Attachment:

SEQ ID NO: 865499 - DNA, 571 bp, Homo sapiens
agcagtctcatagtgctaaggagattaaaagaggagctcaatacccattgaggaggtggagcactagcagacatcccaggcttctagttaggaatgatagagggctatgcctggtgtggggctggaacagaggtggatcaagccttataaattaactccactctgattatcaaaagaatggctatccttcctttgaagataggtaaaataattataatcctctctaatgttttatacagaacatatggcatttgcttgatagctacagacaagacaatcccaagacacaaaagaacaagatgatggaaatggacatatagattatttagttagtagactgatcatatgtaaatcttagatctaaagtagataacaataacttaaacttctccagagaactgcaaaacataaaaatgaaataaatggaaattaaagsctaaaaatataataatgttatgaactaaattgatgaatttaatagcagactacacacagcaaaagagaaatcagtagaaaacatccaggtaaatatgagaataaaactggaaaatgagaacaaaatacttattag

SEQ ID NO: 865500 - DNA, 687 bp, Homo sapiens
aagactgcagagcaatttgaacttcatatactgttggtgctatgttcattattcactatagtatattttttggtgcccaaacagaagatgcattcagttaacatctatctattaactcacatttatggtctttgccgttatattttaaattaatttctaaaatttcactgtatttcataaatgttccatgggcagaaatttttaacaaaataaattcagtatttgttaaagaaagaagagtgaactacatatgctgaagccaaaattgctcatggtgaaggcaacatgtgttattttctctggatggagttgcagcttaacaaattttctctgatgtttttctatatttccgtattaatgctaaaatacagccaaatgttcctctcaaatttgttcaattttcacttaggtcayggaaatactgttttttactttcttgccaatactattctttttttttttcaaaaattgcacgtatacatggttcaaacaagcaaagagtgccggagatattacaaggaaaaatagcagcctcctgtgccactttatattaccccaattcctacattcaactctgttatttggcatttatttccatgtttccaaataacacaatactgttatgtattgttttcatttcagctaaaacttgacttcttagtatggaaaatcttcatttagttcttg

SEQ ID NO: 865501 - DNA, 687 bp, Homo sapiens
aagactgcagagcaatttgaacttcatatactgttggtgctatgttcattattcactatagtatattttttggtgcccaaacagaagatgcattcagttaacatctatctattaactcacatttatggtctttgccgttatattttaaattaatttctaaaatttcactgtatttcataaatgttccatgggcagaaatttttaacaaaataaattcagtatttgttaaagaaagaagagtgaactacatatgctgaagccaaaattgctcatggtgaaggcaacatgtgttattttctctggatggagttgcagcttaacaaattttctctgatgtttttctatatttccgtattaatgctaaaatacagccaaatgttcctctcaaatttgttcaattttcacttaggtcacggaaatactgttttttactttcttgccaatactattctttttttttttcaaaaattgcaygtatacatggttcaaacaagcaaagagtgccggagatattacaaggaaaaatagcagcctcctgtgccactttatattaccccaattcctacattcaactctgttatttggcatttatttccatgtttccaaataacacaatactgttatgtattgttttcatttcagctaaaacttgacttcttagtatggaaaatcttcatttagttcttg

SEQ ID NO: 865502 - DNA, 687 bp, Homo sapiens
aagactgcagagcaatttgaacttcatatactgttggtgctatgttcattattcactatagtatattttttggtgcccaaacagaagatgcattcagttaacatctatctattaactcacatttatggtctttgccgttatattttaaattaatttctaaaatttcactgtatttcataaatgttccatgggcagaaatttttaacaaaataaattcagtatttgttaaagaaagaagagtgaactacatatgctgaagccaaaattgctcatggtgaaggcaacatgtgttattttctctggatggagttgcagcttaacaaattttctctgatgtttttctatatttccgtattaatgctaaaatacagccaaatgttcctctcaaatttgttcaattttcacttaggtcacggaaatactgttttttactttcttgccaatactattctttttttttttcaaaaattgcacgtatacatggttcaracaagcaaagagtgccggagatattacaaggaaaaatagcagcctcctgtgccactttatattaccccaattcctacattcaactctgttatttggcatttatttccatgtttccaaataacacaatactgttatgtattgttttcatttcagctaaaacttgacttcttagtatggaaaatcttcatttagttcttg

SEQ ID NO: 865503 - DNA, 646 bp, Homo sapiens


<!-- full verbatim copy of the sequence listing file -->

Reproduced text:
SEQ ID NO: 865499 - DNA, 571 bp, Homo sapiens
agcagtctcatagtgctaaggagattaaaagaggagctcaatacccattgaggaggtggagcactagcagacatcccaggcttctagttaggaatgatagagggctatgcctggtgtggggctggaacagaggtggatcaagccttataaattaactccactctgattatcaaaagaatggctatccttcctttgaagataggtaaaataattataatcctctctaatgttttatacagaacatatggcatttgcttgatagctacagacaagacaatcccaagacacaaaagaacaagatgatggaaatggacatatagattatttagttagtagactgatcatatgtaaatcttagatctaaagtagataacaataacttaaacttctccagagaactgcaaaacataaaaatgaaataaatggaaattaaagsctaaaaatataataatgttatgaactaaattgatgaatttaatagcagactacacacagcaaaagagaaatcagtagaaaacatccaggtaaatatgagaataaaactggaaaatgagaacaaaatacttattag

SEQ ID NO: 865500 - DNA, 687 bp, Homo sapiens
aagactgcagagcaatttgaacttcatatactgttggtgctatgttcattattcactatagtatattttttggtgcccaaacagaagatgcattcagttaacatctatctattaactcacatttatggtctttgccgttatattttaaattaatttctaaaatttcactgtatttcataaatgttccatgggcagaaatttttaacaaaataaattcagtatttgttaaagaaagaagagtgaactacatatgctgaagccaaaattgctcatggtgaaggcaacatgtgttattttctctggatggagttgcagcttaacaaattttctctgatgtttttctatatttccgtattaatgctaaaatacagccaaatgttcctctcaaatttgttcaattttcacttaggtcayggaaatactgttttttactttcttgccaatactattctttttttttttcaaaaattgcacgtatacatggttcaaacaagcaaagagtgccggagatattacaaggaaaaatagcagcctcctgtgccactttatattaccccaattcctacattcaactctgttatttggcatttatttccatgtttccaaataacacaatactgttatgtattgttttcatttcagctaaaacttgacttcttagtatggaaaatcttcatttagttcttg

SEQ ID NO: 865501 - DNA, 687 bp, Homo sapiens
aagactgcagagcaatttgaacttcatatactgttggtgctatgttcattattcactatagtatattttttggtgcccaaacagaagatgcattcagttaacatctatctattaactcacatttatggtctttgccgttatattttaaattaatttctaaaatttcactgtatttcataaatgttccatgggcagaaatttttaacaaaataaattcagtatttgttaaagaaagaagagtgaactacatatgctgaagccaaaattgctcatggtgaaggcaacatgtgttattttctctggatggagttgcagcttaacaaattttctctgatgtttttctatatttccgtattaatgctaaaatacagccaaatgttcctctcaaatttgttcaattttcacttaggtcacggaaatactgttttttactttcttgccaatactattctttttttttttcaaaaattgcaygtatacatggttcaaacaagcaaagagtgccggagatattacaaggaaaaatagcagcctcctgtgccactttatattaccccaattcctacattcaactctgttatttggcatttatttccatgtttccaaataacacaatactgttatgtattgttttcatttcagctaaaacttgacttcttagtatggaaaatcttcatttagttcttg

SEQ ID NO: 865502 - DNA, 687 bp, Homo sapiens
aagactgcagagcaatttgaacttcatatactgttggtgctatgttcattattcactatagtatattttttggtgcccaaacagaagatgcattcagttaacatctatctattaactcacatttatggtctttgccgttatattttaaattaatttctaaaatttcactgtatttcataaatgttccatgggcagaaatttttaacaaaataaattcagtatttgttaaagaaagaagagtgaactacatatgctgaagccaaaattgctcatggtgaaggcaacatgtgttattttctctggatggagttgcagcttaacaaattttctctgatgtttttctatatttccgtattaatgctaaaatacagccaaatgttcctctcaaatttgttcaattttcacttaggtcacggaaatactgttttttactttcttgccaatactattctttttttttttcaaaaattgcacgtatacatggttcaracaagcaaagagtgccggagatattacaaggaaaaatagcagcctcctgtgccactttatattaccccaattcctacattcaactctgttatttggcatttatttccatgtttccaaataacacaatactgttatgtattgttttcatttcagctaaaacttgacttcttagtatggaaaatcttcatttagttcttg

SEQ ID NO: 865503 - DNA, 646 bp, Homo sapiens